George Mendoza was a promising high-school athlete when macular degeneration, a retinal disorder that leaves blind spots and distortions in the central vision, made him legally blind. Mendoza used his disability to fuel a passion for athletics, writing and painting, becoming the subject of two PBS documentaries and an exhibitor at galleries around the country. Now, his spirited and colorful art will become a 100-percent cotton fabric collection, which will debut at the International Quilt Market Show in October 2009.
Westminster Fibers Inc., Charlotte, N.C., worked with Mendoza’s agents at Art of Possibility (AOP) Studios, whose unique mission is to represent physically disabled artists in a for-profit model. “It’s incredibly rewarding to license George’s fine art into practical applications,” says Ketra Oberlander, AOP Studios founder and blind artist. “Westminster Fibers validates my belief that good deeds are good business.”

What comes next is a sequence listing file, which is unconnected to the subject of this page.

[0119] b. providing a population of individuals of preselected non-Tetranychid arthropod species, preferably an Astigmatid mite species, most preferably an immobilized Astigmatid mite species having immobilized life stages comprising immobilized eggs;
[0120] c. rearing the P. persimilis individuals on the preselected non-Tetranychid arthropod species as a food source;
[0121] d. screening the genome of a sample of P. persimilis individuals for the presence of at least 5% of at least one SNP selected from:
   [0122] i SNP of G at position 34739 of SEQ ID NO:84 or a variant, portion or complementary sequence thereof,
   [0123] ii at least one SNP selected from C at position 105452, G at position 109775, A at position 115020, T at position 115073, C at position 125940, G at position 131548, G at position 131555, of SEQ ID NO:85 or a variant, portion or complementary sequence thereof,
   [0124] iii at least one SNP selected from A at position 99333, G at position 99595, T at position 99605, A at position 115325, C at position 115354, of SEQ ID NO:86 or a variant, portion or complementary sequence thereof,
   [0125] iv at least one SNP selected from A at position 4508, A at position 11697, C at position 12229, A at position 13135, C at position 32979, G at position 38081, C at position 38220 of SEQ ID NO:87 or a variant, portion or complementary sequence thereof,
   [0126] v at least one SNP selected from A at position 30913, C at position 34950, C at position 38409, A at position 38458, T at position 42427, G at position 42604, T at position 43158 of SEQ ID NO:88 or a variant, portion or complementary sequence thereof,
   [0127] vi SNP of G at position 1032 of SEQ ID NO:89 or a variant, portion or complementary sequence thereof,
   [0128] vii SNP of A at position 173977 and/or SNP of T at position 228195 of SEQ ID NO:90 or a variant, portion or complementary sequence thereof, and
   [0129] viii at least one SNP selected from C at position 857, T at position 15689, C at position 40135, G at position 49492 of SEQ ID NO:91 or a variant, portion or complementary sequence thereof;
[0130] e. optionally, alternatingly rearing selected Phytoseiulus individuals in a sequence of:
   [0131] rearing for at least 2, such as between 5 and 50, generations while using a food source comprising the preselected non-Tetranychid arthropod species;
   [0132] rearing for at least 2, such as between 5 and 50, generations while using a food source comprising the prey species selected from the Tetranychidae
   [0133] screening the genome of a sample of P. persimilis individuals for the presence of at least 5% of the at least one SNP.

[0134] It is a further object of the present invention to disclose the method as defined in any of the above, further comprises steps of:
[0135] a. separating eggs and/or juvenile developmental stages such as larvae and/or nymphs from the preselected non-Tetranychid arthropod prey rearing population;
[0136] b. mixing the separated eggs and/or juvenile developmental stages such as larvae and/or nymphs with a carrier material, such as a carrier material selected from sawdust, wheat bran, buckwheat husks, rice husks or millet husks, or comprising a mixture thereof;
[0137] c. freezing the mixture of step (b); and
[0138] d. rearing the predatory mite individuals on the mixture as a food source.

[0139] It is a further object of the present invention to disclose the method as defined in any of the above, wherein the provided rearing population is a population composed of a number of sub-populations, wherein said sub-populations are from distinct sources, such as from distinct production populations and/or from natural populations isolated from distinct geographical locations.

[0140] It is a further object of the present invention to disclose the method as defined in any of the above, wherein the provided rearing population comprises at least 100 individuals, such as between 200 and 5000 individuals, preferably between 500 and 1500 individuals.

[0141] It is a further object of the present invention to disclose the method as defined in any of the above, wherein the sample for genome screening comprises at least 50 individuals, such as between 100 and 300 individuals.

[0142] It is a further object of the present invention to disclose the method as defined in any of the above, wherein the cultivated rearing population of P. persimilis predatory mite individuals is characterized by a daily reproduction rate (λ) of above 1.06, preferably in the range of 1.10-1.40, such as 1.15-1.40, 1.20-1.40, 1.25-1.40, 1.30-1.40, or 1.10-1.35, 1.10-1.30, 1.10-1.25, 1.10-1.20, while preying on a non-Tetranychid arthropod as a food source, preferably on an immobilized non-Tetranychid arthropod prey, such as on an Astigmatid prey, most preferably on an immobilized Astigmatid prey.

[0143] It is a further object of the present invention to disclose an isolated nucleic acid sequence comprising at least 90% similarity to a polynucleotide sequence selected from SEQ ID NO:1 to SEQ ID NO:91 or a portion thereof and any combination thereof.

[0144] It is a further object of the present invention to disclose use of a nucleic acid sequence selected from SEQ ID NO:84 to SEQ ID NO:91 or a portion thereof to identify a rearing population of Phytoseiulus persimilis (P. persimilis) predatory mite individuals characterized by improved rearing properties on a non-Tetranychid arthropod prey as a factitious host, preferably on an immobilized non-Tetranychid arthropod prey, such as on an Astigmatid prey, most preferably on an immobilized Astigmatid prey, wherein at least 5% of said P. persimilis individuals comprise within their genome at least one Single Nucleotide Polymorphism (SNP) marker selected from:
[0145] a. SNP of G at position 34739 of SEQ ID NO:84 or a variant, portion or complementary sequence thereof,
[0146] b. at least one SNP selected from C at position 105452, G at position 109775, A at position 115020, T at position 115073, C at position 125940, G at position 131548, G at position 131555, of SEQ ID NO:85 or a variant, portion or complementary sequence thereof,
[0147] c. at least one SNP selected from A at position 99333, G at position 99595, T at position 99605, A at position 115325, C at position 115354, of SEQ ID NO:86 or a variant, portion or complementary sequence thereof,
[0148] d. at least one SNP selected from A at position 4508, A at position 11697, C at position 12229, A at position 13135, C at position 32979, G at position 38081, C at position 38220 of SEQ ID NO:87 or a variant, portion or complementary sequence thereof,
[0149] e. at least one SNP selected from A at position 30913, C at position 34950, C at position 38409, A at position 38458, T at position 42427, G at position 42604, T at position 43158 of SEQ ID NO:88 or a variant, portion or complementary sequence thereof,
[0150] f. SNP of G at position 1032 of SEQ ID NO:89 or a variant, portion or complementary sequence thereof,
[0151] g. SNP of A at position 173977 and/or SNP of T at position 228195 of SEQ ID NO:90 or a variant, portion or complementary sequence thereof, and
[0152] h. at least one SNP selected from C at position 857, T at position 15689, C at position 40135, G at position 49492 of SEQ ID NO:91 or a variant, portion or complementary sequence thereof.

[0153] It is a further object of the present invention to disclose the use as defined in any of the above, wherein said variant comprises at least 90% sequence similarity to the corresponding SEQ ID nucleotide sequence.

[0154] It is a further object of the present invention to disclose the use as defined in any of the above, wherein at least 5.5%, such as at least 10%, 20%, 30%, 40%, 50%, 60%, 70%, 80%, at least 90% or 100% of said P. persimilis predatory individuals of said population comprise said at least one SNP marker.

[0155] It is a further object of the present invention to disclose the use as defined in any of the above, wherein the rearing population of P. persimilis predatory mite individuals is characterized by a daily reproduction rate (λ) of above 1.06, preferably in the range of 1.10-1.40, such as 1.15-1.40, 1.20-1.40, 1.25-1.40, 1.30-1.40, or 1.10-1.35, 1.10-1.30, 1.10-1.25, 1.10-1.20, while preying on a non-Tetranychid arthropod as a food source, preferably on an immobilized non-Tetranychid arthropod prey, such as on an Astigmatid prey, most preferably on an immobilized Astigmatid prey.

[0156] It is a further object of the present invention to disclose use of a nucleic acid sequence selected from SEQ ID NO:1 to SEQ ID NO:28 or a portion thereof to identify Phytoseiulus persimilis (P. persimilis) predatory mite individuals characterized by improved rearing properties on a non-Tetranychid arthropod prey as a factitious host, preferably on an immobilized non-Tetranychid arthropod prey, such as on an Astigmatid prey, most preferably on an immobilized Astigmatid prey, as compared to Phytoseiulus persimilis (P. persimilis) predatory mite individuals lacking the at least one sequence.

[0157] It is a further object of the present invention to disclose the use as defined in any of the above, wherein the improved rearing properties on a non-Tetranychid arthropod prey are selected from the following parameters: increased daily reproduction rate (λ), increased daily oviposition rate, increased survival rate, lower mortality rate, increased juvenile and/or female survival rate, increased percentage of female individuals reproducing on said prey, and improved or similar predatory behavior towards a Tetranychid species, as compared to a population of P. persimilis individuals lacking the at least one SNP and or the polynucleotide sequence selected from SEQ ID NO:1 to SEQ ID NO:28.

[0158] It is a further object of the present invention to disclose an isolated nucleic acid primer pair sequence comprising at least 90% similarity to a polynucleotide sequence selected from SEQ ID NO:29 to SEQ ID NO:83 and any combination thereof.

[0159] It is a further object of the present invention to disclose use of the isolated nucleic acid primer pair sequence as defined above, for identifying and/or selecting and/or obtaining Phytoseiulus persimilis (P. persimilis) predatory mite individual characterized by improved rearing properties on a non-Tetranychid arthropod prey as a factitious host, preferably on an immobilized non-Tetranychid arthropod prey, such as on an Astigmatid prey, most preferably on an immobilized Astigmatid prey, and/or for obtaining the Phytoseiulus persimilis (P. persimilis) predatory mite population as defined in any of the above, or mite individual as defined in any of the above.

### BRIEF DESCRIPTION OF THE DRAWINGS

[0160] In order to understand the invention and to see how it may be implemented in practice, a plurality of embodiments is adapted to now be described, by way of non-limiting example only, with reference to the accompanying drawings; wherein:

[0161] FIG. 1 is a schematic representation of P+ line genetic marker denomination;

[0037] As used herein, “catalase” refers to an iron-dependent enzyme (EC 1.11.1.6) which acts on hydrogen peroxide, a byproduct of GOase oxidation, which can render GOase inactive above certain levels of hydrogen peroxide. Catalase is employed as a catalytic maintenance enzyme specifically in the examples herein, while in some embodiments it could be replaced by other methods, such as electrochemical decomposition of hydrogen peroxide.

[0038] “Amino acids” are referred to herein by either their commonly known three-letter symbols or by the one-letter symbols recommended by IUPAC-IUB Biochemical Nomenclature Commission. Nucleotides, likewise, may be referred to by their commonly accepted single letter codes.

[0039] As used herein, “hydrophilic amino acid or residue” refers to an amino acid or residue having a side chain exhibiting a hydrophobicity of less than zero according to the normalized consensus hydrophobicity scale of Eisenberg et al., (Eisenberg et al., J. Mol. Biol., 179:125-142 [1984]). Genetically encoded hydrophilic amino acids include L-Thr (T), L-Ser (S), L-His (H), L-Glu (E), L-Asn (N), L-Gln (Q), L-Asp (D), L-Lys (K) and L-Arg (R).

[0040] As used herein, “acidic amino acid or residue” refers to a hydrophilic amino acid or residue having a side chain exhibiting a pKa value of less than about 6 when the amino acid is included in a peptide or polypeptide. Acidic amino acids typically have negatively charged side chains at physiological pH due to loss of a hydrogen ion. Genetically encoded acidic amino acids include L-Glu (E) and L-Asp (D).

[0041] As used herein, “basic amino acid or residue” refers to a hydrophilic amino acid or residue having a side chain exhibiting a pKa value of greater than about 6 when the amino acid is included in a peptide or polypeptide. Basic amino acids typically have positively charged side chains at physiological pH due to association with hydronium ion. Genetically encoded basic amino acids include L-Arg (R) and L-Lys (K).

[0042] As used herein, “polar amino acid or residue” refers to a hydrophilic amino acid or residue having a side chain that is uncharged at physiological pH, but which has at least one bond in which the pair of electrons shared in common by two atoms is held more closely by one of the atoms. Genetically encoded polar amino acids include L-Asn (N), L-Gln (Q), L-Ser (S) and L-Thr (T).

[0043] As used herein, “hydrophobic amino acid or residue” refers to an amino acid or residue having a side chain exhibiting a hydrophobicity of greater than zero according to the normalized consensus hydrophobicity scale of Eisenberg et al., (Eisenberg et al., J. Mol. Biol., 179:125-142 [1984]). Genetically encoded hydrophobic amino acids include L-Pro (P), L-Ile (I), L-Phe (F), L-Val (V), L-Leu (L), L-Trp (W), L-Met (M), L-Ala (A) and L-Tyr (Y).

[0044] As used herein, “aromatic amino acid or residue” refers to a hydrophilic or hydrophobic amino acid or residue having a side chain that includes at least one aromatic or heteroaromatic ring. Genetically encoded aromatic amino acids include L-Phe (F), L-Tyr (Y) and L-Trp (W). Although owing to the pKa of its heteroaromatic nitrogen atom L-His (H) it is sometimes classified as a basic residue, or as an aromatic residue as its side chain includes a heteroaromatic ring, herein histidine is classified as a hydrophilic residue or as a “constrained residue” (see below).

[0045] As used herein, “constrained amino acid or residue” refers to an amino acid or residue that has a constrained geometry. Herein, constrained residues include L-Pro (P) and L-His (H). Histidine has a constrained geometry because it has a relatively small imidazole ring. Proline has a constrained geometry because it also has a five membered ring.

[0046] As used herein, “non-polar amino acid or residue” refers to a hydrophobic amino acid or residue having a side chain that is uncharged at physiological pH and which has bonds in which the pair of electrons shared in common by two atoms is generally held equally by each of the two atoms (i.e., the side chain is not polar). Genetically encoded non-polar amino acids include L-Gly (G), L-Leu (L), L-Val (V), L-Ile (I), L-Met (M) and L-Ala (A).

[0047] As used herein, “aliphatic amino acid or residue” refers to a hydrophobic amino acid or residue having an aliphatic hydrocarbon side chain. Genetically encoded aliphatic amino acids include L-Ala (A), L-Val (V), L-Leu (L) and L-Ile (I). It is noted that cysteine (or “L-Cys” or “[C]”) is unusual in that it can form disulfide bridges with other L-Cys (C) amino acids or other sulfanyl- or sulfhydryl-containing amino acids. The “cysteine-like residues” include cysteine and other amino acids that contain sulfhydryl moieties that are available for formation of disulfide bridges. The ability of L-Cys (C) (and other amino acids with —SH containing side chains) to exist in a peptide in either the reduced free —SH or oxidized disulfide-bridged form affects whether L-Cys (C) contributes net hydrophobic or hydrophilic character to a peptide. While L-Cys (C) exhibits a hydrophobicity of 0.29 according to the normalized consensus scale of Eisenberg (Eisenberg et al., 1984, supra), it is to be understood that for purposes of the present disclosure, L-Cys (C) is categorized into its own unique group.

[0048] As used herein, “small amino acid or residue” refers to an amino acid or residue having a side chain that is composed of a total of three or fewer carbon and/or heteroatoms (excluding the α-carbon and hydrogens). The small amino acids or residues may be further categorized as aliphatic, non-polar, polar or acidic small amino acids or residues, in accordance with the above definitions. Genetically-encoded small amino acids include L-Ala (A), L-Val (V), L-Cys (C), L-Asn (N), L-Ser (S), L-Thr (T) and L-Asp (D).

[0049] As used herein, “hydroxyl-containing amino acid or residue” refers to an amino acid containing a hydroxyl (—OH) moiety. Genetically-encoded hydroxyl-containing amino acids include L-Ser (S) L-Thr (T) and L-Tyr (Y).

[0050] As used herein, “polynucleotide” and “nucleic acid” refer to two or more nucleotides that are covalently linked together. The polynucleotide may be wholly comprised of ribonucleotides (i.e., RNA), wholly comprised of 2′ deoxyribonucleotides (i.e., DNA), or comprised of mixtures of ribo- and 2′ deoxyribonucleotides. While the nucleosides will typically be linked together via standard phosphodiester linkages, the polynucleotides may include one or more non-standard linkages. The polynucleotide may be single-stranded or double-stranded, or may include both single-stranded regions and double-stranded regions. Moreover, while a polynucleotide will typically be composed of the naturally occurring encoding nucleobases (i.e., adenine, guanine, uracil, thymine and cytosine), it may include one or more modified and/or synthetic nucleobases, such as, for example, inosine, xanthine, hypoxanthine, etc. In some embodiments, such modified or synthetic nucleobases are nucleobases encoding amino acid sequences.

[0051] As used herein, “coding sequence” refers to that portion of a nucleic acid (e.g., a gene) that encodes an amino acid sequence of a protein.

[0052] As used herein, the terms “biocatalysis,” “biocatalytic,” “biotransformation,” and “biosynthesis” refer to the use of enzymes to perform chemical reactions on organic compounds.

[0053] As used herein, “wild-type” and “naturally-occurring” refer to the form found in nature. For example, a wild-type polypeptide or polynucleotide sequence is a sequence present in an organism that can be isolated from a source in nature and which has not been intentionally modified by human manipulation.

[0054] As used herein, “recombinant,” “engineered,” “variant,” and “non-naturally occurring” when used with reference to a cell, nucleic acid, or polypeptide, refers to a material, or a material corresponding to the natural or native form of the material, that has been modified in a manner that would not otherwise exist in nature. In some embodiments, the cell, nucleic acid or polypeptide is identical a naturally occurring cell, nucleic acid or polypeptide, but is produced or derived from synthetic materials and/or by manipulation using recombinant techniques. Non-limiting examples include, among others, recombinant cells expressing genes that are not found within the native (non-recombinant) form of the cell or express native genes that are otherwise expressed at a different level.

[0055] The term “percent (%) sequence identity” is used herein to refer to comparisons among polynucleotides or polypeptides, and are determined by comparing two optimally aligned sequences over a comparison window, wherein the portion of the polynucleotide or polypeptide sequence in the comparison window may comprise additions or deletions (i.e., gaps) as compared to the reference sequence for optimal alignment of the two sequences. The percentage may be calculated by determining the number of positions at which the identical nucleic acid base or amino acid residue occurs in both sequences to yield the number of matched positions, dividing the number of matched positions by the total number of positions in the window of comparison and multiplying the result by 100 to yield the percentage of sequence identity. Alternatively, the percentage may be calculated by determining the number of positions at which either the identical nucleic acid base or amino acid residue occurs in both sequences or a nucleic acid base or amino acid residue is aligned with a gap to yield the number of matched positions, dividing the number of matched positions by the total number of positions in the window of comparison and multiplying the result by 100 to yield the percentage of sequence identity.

The company’s creative yarn and fabric, under the Rowan and FreeSpirit brands, give needlework artists, knitters, quilters and crafters a way to integrate beautiful art into individual designs. Westminster Fibers converts cotton, flannel, fleece, poplin and canvas, as well as home-decorating and quilting fabrics.